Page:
TMAP - torrent mapping alignment program
TMAP is a fast and accurate alignment software for short and long nucleotide sequences produced by next-generation sequencing technologies.
The latest TMAP is unsupported. To use a supported version, please see the TMAP version associated with a Torrent Suite release below.
Get the latest source code:
git clone git://github.com/iontorrent/TMAP.git cd TMAP git submodule init git submodule update
To download a specific version, please get the latest source code, and then checkout the specific version using the tag listed below:
git checkout -b tag "tag name below"
For example:Below is the list of tags associated with a specific Torrent Suite release:
git checkout -b 3.0.1 tmap.3.0.1 git submodule update
Torrent Suite 3.0: tmap.3.0.1 Torrent Suite 2.2 tmap.0.3.7 Torrent Suite 2.0.1 tmap.0.2.3 Torrent Suite 2.0 tmap.0.2.3 Torrent Suite 1.5.1 tmap.0.1.3 Torrent Suite 1.5 tmap.0.1.3 Torrent Suite 1.4.1 tmap.0.0.28 Torrent Suite 1.4 tmap.0.0.25 Torrent Suite 1.3 tmap.0.0.19 Torrent Suite 1.2 tmap.0.0.9
See the latest manual: http://github.com/iontorrent/TMAP/blob/master/doc/tmap-book.pdf
- Compiler (required): The compiler and system must support SSE2 instructions.
- Compile TMAP:
sh autogen.sh && ./configure && make
TMAP will run approximately 15% faster using the tcmalloc memory allocation implementation. To use tcmalloc, install the Google performance tools: http://code.google.com/p/google-perftools
If you have previously compiled TMAP, execute the following command:
make distclean && sh autogen.sh && ./configure && make clean && make
After installation, execute the following command:
sh autogen.sh && ./configure && make clean && make
The performance improve should occur when using multiple-threads.
There are a number of areas for potential improvement within TMAP for those that are interested; they will be mentioned here. A great way to find places where the code can be improved is to use Google's performance tools: http://code.google.com/p/google-perftools This includes a heap checker, heap profiler, and cpu profiler. Examining performance on large genomes (hg19) is recommended.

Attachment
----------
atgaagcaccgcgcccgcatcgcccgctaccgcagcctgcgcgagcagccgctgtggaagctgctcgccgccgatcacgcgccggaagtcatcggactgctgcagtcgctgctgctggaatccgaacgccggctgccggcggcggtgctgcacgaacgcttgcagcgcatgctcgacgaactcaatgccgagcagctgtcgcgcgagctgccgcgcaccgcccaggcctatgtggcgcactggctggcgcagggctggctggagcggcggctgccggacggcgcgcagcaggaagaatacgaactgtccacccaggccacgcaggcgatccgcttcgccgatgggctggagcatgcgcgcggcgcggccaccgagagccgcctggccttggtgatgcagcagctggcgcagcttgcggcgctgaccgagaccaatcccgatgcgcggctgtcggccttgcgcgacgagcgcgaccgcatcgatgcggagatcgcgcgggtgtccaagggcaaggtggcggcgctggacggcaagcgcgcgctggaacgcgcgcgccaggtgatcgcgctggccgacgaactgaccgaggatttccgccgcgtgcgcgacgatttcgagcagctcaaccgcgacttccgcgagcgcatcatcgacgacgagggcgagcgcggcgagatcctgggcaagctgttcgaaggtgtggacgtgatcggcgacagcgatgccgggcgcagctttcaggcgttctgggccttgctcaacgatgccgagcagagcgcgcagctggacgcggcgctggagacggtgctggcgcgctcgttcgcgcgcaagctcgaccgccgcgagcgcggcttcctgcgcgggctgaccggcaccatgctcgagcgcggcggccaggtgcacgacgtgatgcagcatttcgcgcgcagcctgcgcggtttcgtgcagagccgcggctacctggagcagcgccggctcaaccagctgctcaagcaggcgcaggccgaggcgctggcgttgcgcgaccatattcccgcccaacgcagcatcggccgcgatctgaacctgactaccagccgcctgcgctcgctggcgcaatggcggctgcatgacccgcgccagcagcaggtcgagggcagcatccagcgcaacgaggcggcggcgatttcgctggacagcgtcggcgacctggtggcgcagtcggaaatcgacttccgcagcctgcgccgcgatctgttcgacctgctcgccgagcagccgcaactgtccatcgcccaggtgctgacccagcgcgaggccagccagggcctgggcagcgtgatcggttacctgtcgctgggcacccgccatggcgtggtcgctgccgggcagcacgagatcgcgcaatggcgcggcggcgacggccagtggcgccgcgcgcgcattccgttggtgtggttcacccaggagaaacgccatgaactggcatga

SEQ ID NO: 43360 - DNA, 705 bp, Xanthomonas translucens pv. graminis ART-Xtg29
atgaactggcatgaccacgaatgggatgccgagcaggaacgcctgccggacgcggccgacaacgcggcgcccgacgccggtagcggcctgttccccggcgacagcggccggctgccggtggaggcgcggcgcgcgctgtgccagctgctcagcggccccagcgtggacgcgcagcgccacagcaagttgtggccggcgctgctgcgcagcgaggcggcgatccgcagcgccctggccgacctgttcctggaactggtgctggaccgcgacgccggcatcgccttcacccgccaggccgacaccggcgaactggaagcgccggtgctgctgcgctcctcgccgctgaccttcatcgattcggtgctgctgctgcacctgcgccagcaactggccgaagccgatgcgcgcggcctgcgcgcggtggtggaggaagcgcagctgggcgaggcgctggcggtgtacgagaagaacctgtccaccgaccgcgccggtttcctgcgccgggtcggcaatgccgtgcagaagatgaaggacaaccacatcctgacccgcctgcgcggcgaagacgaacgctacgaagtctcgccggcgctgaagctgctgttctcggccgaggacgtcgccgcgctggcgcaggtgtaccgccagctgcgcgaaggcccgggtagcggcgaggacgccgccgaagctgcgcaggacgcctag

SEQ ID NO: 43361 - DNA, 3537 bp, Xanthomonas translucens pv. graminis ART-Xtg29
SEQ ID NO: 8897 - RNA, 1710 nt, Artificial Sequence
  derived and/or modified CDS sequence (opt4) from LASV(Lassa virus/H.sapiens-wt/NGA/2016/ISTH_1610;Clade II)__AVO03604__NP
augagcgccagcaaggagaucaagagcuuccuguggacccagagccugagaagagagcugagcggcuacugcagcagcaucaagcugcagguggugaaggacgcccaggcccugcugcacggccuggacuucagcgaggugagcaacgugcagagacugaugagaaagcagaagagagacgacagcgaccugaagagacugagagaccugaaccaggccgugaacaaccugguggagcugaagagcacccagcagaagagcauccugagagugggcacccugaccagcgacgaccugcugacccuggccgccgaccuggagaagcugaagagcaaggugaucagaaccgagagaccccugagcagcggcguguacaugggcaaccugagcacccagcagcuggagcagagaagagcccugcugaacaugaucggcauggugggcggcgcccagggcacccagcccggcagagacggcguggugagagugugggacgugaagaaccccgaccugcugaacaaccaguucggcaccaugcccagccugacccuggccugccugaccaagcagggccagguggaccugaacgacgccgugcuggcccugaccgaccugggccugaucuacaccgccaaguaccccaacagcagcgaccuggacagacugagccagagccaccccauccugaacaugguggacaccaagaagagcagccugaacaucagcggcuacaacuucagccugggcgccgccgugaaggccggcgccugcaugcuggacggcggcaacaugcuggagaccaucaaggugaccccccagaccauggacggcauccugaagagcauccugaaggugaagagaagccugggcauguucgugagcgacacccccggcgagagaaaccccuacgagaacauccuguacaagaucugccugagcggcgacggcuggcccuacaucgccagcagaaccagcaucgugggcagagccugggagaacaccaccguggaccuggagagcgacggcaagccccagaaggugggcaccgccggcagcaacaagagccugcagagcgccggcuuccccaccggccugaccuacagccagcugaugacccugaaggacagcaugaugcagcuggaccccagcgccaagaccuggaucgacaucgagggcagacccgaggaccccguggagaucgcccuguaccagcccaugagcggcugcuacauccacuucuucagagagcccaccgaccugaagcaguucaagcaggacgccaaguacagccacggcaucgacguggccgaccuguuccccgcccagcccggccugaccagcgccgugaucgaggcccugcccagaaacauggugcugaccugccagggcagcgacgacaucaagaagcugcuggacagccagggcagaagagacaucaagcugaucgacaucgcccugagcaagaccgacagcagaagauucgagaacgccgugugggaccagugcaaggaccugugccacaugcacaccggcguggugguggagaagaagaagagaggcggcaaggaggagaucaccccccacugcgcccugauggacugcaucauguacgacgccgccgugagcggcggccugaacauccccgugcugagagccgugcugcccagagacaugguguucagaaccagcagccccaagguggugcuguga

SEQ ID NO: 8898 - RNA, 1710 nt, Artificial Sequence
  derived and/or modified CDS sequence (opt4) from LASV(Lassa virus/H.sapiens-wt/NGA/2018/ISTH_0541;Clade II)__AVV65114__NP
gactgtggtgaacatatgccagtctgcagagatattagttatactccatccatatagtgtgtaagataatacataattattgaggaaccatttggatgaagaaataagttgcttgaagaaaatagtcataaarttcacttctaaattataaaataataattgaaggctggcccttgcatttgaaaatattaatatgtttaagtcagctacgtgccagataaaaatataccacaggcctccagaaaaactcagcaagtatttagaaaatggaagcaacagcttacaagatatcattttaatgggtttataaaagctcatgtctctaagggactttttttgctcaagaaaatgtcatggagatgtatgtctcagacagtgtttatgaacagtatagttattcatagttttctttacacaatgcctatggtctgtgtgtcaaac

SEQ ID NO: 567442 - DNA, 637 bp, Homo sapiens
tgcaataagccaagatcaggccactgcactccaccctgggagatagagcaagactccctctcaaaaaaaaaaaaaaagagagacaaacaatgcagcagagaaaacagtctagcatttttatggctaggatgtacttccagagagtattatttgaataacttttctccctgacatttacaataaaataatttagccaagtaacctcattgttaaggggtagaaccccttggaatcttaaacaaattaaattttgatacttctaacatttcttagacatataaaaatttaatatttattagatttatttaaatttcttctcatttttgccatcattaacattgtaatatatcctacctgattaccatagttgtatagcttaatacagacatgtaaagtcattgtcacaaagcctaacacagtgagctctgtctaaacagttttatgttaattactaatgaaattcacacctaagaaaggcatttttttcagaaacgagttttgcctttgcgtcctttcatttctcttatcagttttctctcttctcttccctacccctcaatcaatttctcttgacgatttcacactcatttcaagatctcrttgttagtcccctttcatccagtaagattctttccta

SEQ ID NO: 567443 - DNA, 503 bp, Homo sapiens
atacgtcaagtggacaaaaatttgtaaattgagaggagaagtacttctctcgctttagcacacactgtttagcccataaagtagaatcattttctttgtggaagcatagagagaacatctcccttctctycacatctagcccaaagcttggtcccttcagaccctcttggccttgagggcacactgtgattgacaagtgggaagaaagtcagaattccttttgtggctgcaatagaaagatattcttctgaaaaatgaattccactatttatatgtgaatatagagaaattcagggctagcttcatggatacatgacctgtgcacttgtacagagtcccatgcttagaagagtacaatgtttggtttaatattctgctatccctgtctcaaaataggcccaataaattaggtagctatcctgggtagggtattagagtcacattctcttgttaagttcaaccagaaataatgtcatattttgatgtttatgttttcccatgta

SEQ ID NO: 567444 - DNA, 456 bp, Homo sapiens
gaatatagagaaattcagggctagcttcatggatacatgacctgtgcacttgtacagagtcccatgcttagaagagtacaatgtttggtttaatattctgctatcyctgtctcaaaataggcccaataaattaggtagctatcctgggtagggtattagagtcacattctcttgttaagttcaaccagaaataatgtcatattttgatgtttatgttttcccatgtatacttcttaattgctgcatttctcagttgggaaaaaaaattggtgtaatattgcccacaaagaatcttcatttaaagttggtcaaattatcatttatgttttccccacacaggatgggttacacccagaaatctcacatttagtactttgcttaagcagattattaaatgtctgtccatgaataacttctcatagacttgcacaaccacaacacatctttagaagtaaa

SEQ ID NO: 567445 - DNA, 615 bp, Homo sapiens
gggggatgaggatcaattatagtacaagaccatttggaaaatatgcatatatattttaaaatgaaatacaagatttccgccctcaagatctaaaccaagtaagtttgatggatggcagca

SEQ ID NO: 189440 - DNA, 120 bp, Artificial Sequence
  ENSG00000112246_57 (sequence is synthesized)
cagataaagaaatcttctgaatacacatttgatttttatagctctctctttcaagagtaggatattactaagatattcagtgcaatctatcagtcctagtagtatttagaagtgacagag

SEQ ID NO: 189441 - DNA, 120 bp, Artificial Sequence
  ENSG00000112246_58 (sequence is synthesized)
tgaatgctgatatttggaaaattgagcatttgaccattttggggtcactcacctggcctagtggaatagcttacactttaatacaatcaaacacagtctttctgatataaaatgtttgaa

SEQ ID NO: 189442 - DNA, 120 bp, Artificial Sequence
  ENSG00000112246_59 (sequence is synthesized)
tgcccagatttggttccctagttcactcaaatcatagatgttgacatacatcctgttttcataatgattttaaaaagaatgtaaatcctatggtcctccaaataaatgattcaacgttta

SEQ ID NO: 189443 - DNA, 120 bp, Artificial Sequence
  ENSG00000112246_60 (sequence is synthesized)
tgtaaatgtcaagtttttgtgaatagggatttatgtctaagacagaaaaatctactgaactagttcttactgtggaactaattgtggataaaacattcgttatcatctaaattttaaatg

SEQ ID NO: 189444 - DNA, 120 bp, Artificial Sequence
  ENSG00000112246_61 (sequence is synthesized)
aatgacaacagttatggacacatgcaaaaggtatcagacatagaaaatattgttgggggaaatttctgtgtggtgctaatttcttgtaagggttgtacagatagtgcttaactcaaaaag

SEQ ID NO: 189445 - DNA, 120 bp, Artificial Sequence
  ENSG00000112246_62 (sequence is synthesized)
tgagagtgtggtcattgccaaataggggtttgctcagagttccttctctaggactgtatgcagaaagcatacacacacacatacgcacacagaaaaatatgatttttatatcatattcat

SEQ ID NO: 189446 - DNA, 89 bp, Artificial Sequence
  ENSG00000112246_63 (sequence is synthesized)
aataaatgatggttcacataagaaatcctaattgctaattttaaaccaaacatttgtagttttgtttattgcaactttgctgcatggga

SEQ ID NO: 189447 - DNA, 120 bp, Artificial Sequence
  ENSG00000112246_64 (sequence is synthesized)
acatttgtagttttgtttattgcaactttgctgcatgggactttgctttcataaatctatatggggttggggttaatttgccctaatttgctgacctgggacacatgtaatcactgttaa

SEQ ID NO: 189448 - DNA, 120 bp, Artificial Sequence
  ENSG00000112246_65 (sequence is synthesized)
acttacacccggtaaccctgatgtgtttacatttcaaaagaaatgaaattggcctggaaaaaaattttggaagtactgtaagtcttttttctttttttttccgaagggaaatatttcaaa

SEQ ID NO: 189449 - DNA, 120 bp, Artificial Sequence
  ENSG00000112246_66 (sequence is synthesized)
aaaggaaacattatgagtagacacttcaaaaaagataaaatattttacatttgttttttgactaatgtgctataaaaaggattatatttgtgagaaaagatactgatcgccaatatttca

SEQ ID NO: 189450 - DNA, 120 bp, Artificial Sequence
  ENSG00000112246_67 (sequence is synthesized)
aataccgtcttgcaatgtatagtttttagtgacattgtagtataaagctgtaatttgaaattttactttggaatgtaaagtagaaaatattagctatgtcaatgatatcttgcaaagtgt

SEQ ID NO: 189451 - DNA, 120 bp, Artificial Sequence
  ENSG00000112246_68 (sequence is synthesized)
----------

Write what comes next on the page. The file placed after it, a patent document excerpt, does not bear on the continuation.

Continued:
Smith Waterman extensions
Currently, each hit is examined with Smith Waterman (score only), which re-considers the portion of the read that matched during seeding. We need only re-examine the portion of the read that is not matched during seeding. This could be tracked during seeding for the Smith Waterman step, though the merging of hits from each algorithm could be complicated by this step. Nonetheless, this would improve the run time of the program, especially for high-quality data and/or longer reads (>200bp).
Smith Waterman vectorization
The vectorized (SSE2) Smith Waterman implemented supports an combination of start and end soft-clipping. To support any type of soft-clipping, some performance trade-offs needed to be made. In particular, 16-bit integers are stored in the 128-bit integers, giving only 8 bytes/values per 128-bit integer. This could be improved to 16 bytes/values per 128-bit integer by using 8-bit integers. This would require better overflow handling. Also, handling negative infinity for the Smith Waterman initialization would be difficult. Nonetheless, this could significantly improve the performance of the most expensive portion of the program.
Best two-stage mapping
There is no current recommendation for the best settings for two-stage mapping, which could significantly decrease the running time. A good project would be to optimize these settings.
Mapping quality calibration
The mapping quality is sufficiently calibrated, but can always be improved, especially for longer reads. This is a major area for improvement.
Better support for paired ends/mate pairs
There is minimal support for paired ends/mate pairs, which relies on knowing a prior the parameters for the insert size distribution. The insert size could be trained on a subset of the given input data.
Speeding up lookups in the FM-index/BWT.
Further implementation improvements or parameter tuning could be made to make the lookups in the FM-index/BWT faster. This includes the occurrence interval, the suffix array interval, and the k-mer occurence hash. Caching these results may also make sense when examining the same sub-strings across multiple algorithms. Speed improvements have already been made to BWA and could be relevant here: http://github.com/RoelKluin/bwa
Dynamic split read mapping
It is important to detect Structural Variation (SV), as well as finding splice junctions for RNA-seq. Support for returning more than one alignment, where these alignments do not significantly overlap in terms of which bases they consume in the query, could be included. For example, a 400bp read could span a SV breakpiont, with the first 100bp on one side of the breakpoint and the second 300bp on the other. Currently (with full soft-clipping options turned on), we may produce two alignments for the two parts of the query. Nonetheless, the "choice" algorithm will choose the one with the best alignment score (typically the 300bp one), and so only one alignment will be present in the SAM file. A better strategy would be to search for pairs (triples, etc.) of alignments that do not significantly overlap in the query (i.e. consume the same query bases). This would directly find SVs as well as other types of variant requiring split read mapping.
Representative repetitive hits
If a seeding algorithm finds a large occurence interval that it will save, it could save one of the occurrences (random) as a representative hit for the repetitive interval. This representative hit could be aligned with Smith-Waterman and its alignment score could be compared to the other hits. If its score is better, than the read could be flagged as repetitive and "unmapped". The algorithm would need to be careful that the repetitive hit is not contained within the returned non-repeititve hits, as to cause many reads to be unmapped.